> PI mutexes are not affected because there, the kernel resets the futex
> var in FUTEX_UNLOCK_PI atomically wrt. any FUTEX_LOCK_PI calls; IOW, if
> there are threads waiting for the lock that might need to be unblocked,
> there will be no pending futex wake-up calls.

> === Workaround 1: Specify that spurious FUTEX_WAKE calls are possible
> FUTEX_WAIT is currently specified to return 0 if it got woken by a
> FUTEX_WAKE call, and EINTR when wake-up happened due to a signal or
> other spurious wakeup.  The memory reuse thus possibly allows for
> unrelated FUTEX_WAKE calls being injected into the code running a new
> futex after memory reuse.  If this code relies on the FUTEX_WAIT return
> values to be correct (just regarding 0 vs. EINTR!), the pending
> unrelated FUTEX_WAKE calls can break it.
> However, the existence of such code should be fairly unlikely:
> * All futexes that are used for multiple wait/wake-up cycles (like
> pthread mutexes, barriers, semaphores, ...) will have to be robust to
> their *own* pending FUTEX_WAKEs anyway because this is how futexes are
> designed.
> * PI futexes do not seem to be woken by FUTEX_WAIT according to some
> quick testing: FUTEX_LOCK_PI simply doesn't wake up and FUTEX_WAIT
> returns success, whereas FUTEX_WAIT_REQUEUE_PI isn't woken either but
> FUTEX_WAIT returns EINVAL (likely due to the other mutex being passed in
> being NULL (which we'd need to perhaps check in the glibc code)).  I
> wasn't able to find any specification for these cases, however.
> I've reviewed glibc uses of FUTEX_WAIT (x86_64 and/or generic) and they
> should all be robust to pending FUTEX_WAKEs.  Likewise for GCC's libgomp
> and libitm.  I suppose that cases where there might be pending
> FUTEX_CMP_REQUEUE calls (e.g., condvars) should be containable by using
> a lock (and FUTEX_WAKE) at destruction.
> The case that could be affected by such a specification change is thus
> single-wake-up futexes in programs that themselves never make those
> futexes subject to the pending-FUTEX_WAIT-while-memory-reuse problem.
> (I'm mentioning the latter because it's really not just glibc that's
> affected, but futex users in general.  So, arguably, correct programs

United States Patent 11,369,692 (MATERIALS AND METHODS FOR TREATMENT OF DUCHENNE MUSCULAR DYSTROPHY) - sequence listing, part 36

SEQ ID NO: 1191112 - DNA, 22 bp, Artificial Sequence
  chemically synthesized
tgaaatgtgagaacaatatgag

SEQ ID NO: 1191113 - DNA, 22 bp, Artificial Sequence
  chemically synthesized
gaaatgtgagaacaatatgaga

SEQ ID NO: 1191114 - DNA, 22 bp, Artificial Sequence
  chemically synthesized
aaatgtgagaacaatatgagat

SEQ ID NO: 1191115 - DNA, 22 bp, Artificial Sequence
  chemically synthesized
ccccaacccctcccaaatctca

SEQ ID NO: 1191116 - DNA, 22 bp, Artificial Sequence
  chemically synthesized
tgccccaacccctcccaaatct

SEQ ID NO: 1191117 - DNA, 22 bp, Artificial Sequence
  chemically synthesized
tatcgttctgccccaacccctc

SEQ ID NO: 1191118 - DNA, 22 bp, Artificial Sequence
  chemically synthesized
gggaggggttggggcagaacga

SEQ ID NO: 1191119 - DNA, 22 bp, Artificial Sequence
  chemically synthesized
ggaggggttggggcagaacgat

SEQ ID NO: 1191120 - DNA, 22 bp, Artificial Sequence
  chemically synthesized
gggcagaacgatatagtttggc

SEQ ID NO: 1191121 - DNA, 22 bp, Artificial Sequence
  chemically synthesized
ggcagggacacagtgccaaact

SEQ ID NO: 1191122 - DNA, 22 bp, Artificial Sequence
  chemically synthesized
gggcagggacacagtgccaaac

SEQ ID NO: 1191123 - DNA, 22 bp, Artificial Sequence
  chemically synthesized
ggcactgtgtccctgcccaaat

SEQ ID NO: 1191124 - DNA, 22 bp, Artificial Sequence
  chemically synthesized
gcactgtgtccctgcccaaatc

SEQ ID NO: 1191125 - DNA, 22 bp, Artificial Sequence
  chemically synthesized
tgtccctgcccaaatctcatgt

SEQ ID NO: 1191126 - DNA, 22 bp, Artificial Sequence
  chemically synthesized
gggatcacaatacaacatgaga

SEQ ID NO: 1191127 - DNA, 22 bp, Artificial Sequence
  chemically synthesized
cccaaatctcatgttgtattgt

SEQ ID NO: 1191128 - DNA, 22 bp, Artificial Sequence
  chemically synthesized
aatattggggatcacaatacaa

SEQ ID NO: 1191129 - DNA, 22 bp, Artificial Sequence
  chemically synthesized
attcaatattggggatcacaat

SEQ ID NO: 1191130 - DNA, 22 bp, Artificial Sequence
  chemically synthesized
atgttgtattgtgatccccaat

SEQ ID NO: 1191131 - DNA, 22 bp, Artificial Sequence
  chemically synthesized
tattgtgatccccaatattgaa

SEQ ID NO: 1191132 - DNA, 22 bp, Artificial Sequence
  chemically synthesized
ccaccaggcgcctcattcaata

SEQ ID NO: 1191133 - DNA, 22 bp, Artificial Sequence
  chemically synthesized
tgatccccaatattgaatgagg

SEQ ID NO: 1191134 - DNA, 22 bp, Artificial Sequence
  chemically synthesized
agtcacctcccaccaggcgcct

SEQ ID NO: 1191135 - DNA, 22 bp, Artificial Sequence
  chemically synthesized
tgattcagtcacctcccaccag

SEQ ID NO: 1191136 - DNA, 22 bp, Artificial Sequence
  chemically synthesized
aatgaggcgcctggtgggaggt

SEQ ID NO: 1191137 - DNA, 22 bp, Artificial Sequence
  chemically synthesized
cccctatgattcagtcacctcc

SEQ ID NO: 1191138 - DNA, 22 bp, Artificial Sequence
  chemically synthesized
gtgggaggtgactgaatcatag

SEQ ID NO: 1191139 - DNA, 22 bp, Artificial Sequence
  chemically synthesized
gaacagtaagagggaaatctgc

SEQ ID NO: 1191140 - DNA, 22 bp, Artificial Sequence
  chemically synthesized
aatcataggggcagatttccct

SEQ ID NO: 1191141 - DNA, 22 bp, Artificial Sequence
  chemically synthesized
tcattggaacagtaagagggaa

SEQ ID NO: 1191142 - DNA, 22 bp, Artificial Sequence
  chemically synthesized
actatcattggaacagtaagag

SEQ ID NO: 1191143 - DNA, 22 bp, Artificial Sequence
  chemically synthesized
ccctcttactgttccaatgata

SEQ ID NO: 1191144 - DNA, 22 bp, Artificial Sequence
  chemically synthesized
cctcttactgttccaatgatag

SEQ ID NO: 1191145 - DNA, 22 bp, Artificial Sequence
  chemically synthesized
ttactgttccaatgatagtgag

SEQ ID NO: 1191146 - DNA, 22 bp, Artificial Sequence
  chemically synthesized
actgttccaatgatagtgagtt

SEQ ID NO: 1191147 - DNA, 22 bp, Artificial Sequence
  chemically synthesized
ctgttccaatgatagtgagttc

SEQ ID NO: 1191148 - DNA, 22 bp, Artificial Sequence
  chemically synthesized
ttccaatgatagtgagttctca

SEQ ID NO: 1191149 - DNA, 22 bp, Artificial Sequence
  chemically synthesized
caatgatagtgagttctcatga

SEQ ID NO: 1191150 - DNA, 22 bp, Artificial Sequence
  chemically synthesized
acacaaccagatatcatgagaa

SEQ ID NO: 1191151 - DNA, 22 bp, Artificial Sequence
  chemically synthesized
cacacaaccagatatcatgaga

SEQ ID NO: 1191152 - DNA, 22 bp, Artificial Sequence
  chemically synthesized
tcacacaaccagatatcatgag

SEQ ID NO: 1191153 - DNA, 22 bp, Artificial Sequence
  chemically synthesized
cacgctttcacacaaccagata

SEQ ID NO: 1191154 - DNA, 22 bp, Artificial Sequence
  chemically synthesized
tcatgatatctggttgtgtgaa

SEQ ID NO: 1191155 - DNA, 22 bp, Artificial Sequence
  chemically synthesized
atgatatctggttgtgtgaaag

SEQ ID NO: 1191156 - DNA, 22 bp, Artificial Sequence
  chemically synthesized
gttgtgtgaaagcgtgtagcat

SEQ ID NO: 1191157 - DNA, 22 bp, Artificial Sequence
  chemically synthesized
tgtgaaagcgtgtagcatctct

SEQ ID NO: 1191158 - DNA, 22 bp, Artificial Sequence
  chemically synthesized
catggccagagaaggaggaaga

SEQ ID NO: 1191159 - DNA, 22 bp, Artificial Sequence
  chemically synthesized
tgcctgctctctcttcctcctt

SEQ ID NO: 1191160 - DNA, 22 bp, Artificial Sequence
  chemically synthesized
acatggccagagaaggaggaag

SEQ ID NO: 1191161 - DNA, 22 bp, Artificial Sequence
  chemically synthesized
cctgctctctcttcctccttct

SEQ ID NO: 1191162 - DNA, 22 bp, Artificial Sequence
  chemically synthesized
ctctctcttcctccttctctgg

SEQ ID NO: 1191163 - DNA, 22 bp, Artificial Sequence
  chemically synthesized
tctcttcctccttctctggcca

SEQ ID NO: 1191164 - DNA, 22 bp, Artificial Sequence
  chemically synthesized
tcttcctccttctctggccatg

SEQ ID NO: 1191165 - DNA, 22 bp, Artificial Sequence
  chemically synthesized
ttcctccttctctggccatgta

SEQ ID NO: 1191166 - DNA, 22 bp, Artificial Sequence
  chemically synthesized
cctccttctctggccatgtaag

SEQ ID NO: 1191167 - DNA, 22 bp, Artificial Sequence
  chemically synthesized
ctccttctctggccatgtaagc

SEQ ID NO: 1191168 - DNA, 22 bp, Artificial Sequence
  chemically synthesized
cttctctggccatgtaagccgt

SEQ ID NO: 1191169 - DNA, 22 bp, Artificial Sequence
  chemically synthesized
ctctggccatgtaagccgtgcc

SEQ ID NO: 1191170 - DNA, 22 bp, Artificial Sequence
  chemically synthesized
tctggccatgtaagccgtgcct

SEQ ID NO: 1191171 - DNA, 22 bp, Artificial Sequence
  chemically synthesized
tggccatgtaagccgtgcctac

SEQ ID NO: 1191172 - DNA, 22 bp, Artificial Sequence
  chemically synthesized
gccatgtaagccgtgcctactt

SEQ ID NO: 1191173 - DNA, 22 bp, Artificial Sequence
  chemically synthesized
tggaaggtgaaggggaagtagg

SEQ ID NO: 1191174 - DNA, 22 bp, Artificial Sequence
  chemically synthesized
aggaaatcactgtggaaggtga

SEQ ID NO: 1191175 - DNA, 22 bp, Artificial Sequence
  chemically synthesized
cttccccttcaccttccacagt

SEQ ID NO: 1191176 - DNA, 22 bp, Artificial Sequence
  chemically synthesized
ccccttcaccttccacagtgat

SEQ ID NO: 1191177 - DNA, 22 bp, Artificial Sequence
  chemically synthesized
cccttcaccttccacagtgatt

> that use futexes have to deal with the issue already.)
> Pros:
> * Little code change required in glibc to fix the problems.
> * Typical mutex-using code shouldn't be affected by the specification
> change (assuming that glibc/libgomp/libitm are representative).
> Cons:
> * Change to futex specs.

This is a "relaxed semantic" workaround.

I don't like workaround 1 because it changes the semantics of the
specification in ways that might adversely affect users. I am hesitant
to remove the potentially useful and semantically simple non-spurious
case. Despite the fact that Rich comments that there is a kernel bug,
it might just be a kernel bug that we get a spurious wake.
> === Workaround 1a: New FUTEX_WAKE_SPURIOUS operation that avoids the
> specification change
> This is like Workaround 1, except that the kernel could add a new futex
> op that works like FUTEX_WAKE except that:
> * FUTEX_WAITs woken up by a FUTEX_WAKE_SPURIOUS will always return
> EINTR.  EINTR for spurious wakeups is already part of the spec, so
> correct futex users are already handling this (e.g., glibc does).
> * Make sure (and specify) that FUTEX_WAKE_SPURIOUS that hit other
> futexes (e.g., PI) are ignored and don't cause wake-ups (or just benign
> spurious wakeups already specified).
> Users of FUTEX_WAKE_SPURIOUS should have to do very little compared to
> when using FUTEX_WAKE.  The only thing that they don't have anymore is
> the ability to distinguish between a real wakeup and a spurious one.
> Single-use FUTEX_WAITs could be affected, but we don't have them in
> glibc.  The only other benefit from being able to distinguish between